Stocking Hall Rehabilitation and Addition Cornell University | Ithaca, New York | 2015
Architects: Mitchell | Giurgola Architects, LLP.
Client: College of Agriculture and Life Sciences, Cornell University
General Contractor: The Pike Company
Photographers: Jeff Goldberg/Esto
Cornell University’s nationally ranked Food Science program has been housed in Stocking Hall since its construction in 1921.
Nearly a century later, however, the 48,000-square-foot building and its single story extension no longer met the expanding needs of the University’s innovative Food Science program. The renovation of Stocking Hall and construction of a major new food science teaching and research addition create a new, integrated presence for Food Science on Cornell’s Ithaca campus.
The multiphase project includes the full renovation of Stocking Hall, the demolition and replacement of the extension, with the construction of a new 79,000 square foot laboratory building and a new 23,000 square foot dairy plant.
The renovated portions of Stocking Hall house offices and teaching laboratories for food chemistry, microbiology, and engineering. The addition includes advanced research laboratories, a dairy plant, a teaching winery and lecture and meeting space.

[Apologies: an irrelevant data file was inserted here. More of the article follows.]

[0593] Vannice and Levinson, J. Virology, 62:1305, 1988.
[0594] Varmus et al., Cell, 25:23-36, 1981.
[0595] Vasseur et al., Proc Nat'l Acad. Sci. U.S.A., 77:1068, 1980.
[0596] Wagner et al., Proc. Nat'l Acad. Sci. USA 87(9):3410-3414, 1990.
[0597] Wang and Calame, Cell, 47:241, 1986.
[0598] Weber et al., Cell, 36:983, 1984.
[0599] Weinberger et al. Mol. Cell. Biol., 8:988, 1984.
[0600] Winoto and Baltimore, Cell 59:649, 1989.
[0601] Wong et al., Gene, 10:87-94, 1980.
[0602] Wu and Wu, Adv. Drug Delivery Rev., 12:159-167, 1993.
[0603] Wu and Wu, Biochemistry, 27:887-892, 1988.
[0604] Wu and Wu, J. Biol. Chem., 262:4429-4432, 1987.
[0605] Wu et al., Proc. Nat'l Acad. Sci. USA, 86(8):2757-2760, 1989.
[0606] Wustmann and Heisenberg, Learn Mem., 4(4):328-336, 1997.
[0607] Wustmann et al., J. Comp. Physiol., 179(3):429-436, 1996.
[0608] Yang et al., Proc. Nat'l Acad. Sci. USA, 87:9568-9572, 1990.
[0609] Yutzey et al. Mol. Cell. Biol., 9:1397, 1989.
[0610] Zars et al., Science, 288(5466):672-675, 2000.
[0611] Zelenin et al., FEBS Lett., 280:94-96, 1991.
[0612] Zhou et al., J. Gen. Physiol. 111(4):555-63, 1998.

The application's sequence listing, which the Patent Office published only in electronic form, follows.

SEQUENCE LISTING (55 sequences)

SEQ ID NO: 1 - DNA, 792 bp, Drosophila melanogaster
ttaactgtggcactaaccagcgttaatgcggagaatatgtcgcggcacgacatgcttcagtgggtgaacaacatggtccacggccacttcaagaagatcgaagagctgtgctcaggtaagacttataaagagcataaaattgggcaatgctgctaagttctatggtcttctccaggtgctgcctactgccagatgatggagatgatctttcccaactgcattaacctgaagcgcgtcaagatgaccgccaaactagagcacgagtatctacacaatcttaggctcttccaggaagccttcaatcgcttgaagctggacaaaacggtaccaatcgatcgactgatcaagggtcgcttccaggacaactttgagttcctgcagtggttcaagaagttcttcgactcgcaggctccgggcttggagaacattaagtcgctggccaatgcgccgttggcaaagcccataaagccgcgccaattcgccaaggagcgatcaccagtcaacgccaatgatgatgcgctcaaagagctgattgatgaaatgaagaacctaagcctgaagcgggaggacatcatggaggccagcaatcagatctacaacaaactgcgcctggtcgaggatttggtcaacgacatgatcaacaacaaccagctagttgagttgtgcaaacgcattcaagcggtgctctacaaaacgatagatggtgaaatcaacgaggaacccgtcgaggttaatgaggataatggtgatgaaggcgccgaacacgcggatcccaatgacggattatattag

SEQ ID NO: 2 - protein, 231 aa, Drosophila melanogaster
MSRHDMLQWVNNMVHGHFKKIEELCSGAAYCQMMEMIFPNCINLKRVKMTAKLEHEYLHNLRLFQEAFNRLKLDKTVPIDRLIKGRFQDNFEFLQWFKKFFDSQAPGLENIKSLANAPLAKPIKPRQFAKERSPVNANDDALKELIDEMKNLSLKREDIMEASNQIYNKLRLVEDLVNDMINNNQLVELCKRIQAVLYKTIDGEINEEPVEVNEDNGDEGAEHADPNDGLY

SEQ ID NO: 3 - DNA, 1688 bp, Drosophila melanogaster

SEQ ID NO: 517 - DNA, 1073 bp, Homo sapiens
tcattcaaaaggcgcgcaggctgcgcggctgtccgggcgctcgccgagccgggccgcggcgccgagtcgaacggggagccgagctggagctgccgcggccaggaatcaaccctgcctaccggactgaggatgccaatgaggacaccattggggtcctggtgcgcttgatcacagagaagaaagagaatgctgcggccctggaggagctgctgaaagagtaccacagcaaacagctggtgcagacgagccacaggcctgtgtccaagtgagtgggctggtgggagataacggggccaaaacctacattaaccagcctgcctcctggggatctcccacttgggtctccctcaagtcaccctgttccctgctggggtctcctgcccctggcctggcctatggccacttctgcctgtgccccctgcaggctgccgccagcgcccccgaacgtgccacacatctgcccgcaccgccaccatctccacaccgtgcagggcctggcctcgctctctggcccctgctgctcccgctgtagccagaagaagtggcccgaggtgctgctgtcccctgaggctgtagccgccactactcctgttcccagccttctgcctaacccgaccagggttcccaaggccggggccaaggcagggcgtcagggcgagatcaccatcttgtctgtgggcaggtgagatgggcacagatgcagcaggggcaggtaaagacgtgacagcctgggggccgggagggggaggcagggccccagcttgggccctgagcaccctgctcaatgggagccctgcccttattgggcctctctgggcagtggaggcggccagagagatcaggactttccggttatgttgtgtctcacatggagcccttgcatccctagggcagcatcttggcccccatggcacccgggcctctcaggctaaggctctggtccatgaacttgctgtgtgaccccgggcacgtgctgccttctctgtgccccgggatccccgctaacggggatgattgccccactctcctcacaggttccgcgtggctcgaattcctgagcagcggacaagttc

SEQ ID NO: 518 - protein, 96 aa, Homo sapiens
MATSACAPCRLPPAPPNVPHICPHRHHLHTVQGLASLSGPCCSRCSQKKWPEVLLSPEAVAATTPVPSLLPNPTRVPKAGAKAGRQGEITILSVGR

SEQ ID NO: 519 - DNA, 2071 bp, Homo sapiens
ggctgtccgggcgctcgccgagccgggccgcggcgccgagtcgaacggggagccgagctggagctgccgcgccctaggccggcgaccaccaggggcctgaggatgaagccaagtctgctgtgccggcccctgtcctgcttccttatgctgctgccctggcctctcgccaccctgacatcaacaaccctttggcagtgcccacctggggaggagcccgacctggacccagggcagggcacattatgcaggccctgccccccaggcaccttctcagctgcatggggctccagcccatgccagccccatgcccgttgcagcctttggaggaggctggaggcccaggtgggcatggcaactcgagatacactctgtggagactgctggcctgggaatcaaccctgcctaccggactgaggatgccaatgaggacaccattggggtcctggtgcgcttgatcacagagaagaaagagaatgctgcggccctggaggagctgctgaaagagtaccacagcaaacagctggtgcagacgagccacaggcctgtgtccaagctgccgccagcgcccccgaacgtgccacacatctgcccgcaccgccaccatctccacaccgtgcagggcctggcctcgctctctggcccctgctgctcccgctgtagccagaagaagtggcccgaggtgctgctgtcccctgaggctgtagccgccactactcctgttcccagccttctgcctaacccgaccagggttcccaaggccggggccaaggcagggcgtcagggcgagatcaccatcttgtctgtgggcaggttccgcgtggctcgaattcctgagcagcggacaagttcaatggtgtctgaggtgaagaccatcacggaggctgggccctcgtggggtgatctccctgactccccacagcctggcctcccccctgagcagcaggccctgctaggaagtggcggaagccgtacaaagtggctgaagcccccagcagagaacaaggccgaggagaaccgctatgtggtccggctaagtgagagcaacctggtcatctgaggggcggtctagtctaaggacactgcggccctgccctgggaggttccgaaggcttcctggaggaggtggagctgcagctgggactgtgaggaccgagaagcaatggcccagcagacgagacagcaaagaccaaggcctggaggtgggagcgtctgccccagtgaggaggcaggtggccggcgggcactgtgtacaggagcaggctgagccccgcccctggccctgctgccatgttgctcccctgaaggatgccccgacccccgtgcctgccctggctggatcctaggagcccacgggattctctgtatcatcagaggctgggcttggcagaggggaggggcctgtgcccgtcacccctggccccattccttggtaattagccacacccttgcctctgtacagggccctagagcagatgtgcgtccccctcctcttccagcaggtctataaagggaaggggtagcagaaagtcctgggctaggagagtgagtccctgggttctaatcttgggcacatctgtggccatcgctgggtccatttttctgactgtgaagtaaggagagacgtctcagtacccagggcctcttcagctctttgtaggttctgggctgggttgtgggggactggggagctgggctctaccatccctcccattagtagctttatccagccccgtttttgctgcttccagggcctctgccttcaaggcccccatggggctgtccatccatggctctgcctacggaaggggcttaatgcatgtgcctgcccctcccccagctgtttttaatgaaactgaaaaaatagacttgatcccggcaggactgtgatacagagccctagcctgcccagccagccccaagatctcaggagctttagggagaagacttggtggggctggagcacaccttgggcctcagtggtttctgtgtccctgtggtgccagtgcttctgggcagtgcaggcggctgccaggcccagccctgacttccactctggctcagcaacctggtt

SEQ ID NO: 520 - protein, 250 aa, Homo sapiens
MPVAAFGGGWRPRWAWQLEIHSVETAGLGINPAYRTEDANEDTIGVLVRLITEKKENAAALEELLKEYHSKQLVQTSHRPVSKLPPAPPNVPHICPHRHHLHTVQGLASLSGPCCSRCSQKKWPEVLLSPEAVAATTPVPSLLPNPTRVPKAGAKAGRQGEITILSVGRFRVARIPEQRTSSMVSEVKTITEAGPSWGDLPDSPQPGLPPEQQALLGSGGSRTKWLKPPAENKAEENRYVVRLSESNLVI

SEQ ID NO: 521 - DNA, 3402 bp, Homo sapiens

One of the key design challenges of the project was to successfully relate the new addition to the existing Stocking Hall, a 1921 Beaux Arts structure.
The main body of the addition is set away from Stocking Hall and linked with a transparent bridge and lobby. It is also set back from the street and the north face of Stocking Hall to create a forecourt for the complex.
At its eastern end, a glazed staircase, masonry tower and glazed dairy plant step forward to align with Stocking Hall and frame the forecourt. The new addition acts as a counterpoint to Stocking Hall through its contemporary choice of materials yet maintains a complimentary scale relationship though its design order.
The Beaux Arts base, middle and top vocabulary of Stocking Hall is carried through and aligned with similar demarcations in the façade of the addition. Rather than using masonry, the base and middle of the addition are glazed to maximize transparency and day lighting. The base of the addition is a simple glazed gallery while the middle contains two story high vertical fins which relate to the giant order pilasters of Stocking Hall.
The top of the addition is clad in masonry with punched windows whose projecting frame relates to the roof dormers of Stocking Hall. In keeping with the University’s focus on reducing the overall greenhouse gas emissions for the campus, the project incorporates a broad array of sustainable design elements and is designed to achieve a Gold LEED Certification from the US Green Building Council.